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Beaches, tropical rainforests, highly developed society and an enviable quality of life: studying in Costa Rica may sound almost too good to be true.
In the 2012 QS University Rankings: Latin America, Costa Rica has just three universities in the region’s top 250 – relatively few when compared to countries like Brazil and Mexico.
However, its top ranking institution, Universidad de Costa Rica (UCR), comes in at a very respectable 29th, having climbed significantly from 59th in the previous year’s ranking. UCR is joined in Latin America's top 100 by the Universidad Nacional Costa Rica (also public), and in the top 200 by Universidad Latinoamericana de Ciencia y Tecnología Costa Rica (ULACIT), which is part of the private sector.
There are more than 60 universities to choose from in Costa Rica, of which five are public:
• Universidad de Costa Rica (UCR),• Universidad Nacional Costa Rica,• Universidad Estatal a Distancia (for distance learning),• Instituto Tecnologico de Costa Rica (ITCR),• Universidal Tecnica Nacional.
As well as being Costa Rica’s highest ranking institution, UCR is also the country’s oldest university, and its largest in terms of student enrolments.
Meanwhile Costa Rica's many private universities include Universidad Latinoamericana de Ciencia y Tecnología (ULACIT), Universidad Fidelitas, Universidad Hispoamericana, Universidad Latina de Costa Rica and Universidad Veritas.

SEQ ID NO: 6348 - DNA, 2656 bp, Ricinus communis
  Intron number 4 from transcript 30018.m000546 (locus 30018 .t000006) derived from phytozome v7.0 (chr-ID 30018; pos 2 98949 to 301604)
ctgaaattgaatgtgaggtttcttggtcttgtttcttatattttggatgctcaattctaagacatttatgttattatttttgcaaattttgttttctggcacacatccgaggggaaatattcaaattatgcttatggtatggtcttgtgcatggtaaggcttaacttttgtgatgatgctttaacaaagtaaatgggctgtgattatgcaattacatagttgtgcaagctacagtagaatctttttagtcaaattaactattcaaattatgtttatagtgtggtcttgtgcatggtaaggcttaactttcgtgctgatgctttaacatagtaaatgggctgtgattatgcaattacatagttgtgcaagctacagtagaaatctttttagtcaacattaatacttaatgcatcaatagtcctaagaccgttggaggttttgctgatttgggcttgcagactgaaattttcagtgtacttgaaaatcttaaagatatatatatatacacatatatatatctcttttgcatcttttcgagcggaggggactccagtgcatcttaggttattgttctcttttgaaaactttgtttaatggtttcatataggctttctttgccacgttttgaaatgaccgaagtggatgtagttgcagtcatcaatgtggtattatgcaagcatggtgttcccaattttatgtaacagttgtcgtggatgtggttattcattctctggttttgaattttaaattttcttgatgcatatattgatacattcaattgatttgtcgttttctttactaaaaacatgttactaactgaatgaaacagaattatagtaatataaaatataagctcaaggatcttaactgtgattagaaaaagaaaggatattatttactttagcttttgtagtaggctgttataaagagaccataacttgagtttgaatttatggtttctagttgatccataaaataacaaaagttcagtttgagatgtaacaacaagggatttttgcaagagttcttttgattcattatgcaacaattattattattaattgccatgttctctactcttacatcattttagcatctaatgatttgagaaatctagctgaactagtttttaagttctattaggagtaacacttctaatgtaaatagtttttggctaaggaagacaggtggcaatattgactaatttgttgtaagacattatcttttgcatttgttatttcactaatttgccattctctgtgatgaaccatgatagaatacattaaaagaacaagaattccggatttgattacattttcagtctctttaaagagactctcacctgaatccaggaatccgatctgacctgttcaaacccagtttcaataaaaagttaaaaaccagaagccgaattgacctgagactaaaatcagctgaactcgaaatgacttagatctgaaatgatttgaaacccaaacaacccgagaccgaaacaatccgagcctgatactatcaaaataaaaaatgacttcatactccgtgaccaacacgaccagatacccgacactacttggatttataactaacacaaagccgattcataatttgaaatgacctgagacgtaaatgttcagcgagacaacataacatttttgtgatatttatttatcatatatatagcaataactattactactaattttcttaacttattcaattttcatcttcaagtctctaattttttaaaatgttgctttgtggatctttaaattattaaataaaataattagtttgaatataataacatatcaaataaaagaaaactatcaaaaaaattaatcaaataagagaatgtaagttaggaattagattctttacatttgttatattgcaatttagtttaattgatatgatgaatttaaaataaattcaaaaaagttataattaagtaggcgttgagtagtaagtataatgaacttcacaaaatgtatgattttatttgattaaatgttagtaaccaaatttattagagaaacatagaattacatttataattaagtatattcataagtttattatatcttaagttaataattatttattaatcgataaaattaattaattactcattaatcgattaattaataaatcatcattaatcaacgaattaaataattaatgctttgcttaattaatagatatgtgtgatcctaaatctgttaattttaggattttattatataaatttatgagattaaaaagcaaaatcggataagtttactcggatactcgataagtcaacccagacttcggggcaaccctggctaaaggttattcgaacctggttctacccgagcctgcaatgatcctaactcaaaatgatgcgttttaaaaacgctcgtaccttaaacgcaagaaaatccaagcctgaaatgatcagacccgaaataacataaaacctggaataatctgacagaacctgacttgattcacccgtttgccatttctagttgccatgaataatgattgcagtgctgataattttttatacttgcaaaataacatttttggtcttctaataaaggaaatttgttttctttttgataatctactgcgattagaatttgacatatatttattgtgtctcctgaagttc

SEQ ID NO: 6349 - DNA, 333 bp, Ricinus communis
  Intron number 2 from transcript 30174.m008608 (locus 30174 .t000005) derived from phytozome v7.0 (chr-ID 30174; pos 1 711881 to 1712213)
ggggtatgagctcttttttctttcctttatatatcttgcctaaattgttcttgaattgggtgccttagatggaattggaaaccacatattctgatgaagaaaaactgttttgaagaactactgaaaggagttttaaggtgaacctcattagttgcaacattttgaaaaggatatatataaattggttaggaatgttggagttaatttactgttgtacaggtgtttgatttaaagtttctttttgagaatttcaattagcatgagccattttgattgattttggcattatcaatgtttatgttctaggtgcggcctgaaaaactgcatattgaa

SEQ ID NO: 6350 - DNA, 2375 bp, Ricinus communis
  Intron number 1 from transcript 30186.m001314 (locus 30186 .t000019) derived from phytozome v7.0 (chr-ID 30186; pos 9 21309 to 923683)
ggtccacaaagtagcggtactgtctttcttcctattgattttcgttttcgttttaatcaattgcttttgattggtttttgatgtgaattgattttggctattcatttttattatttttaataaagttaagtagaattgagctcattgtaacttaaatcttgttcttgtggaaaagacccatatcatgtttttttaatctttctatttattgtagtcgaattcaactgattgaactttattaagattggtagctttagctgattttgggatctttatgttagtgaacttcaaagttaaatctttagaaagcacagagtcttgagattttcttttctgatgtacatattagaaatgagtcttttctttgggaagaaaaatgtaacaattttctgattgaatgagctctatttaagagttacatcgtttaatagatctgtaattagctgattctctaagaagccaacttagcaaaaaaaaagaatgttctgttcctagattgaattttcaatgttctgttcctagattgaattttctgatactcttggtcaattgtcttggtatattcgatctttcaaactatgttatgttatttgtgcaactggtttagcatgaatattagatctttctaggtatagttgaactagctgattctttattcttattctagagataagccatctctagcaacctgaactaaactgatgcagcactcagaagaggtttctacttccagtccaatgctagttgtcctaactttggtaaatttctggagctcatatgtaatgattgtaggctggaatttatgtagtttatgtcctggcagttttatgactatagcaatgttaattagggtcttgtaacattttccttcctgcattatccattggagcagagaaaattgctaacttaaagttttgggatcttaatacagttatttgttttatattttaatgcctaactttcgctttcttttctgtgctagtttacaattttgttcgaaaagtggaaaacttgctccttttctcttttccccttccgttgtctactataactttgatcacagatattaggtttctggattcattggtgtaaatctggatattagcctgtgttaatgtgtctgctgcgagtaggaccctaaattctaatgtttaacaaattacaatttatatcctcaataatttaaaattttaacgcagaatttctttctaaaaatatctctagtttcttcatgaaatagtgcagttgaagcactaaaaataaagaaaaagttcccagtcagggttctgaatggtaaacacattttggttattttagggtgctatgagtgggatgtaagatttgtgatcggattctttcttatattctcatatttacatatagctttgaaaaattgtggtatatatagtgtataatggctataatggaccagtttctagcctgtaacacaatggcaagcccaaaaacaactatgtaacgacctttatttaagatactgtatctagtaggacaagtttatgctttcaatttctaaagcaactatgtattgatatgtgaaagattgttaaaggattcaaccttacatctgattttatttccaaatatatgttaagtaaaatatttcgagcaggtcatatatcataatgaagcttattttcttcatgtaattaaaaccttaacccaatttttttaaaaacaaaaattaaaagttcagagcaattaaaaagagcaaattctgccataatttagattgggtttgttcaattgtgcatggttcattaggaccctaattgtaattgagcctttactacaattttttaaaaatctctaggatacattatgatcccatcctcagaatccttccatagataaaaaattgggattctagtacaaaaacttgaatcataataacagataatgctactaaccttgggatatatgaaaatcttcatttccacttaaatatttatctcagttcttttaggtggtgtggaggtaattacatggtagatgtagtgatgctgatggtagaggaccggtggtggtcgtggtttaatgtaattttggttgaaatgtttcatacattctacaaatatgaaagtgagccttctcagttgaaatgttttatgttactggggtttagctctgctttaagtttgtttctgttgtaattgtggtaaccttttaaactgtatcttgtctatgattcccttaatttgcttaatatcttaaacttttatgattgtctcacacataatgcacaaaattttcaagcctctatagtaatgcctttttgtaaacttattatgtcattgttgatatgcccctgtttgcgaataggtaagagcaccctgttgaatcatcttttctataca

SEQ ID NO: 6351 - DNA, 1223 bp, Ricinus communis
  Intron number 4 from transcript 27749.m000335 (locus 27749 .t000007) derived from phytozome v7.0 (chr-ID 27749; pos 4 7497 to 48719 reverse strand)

Nature enthusiasts and those with a taste for adventure will find plenty to explore in Costa Rica: from active volcanoes to white-water rafting, and butterfly gardens to reef-break surfing.
Of course, natural beauty and outdoor pursuits are to be found in proliferation across much of the Latin American region. So what makes Costa Rica different?
Well, for one thing, it seems that – like the 1.5 million tourists who visit annually – the locals also agree this is a great place to be. According to the New Economist Foundation’s Happy Planet Index for 2012, Costa Ricans are among the happiest, healthiest and environmentally friendly nations in the world.
Costa Rica’s impressively high quality of life has in fact led to it being referred to as ‘the Switzerland of Central America’.
Of course, nowhere’s perfect – and Costa Rica is certainly not just all golden sands and smiley locals. Capital San José has shops, museums, restaurants and bars galore – but its rapid expansion has also sprouted slums and a rising crime rate.
The huge city is home to more than one third of the city’s population, and for many visitors may feel overwhelming. However, Costa Rica’s universities are not all here. Calmer but equally interesting options include Cartago (home to the science and technology-focused Instituto Tecnologico de Costa Rica) and Heredia (where you’ll find the Universidad Nacional Costa Rica).
The World Bank has pledged US$400 million between 2012 and 2015, to help improve higher education in Costa Rica. These funds will support public universities, to improve facilities, and strengthen teaching and research.
Compared to the public universities, private institutions in Costa Rica are smaller and often specialize in a particular subject area. For example, the private, non-profit international university EARTH (Escuela de Agricultura de la Region Tropical Humeda) specializes in agricultural sciences.
Meanwhile graduate students may be interested in the UN-mandated University for Peace, or INCAE Business School – the second of which claims to be the best business school in Latin America.
Admissions requirements will vary depending on the institution. As well as giving details of secondary-level education, applicants may be asked to demonstrate their ability to study in Spanish. Other required documents may include a police record, immunization records and birth certificate.
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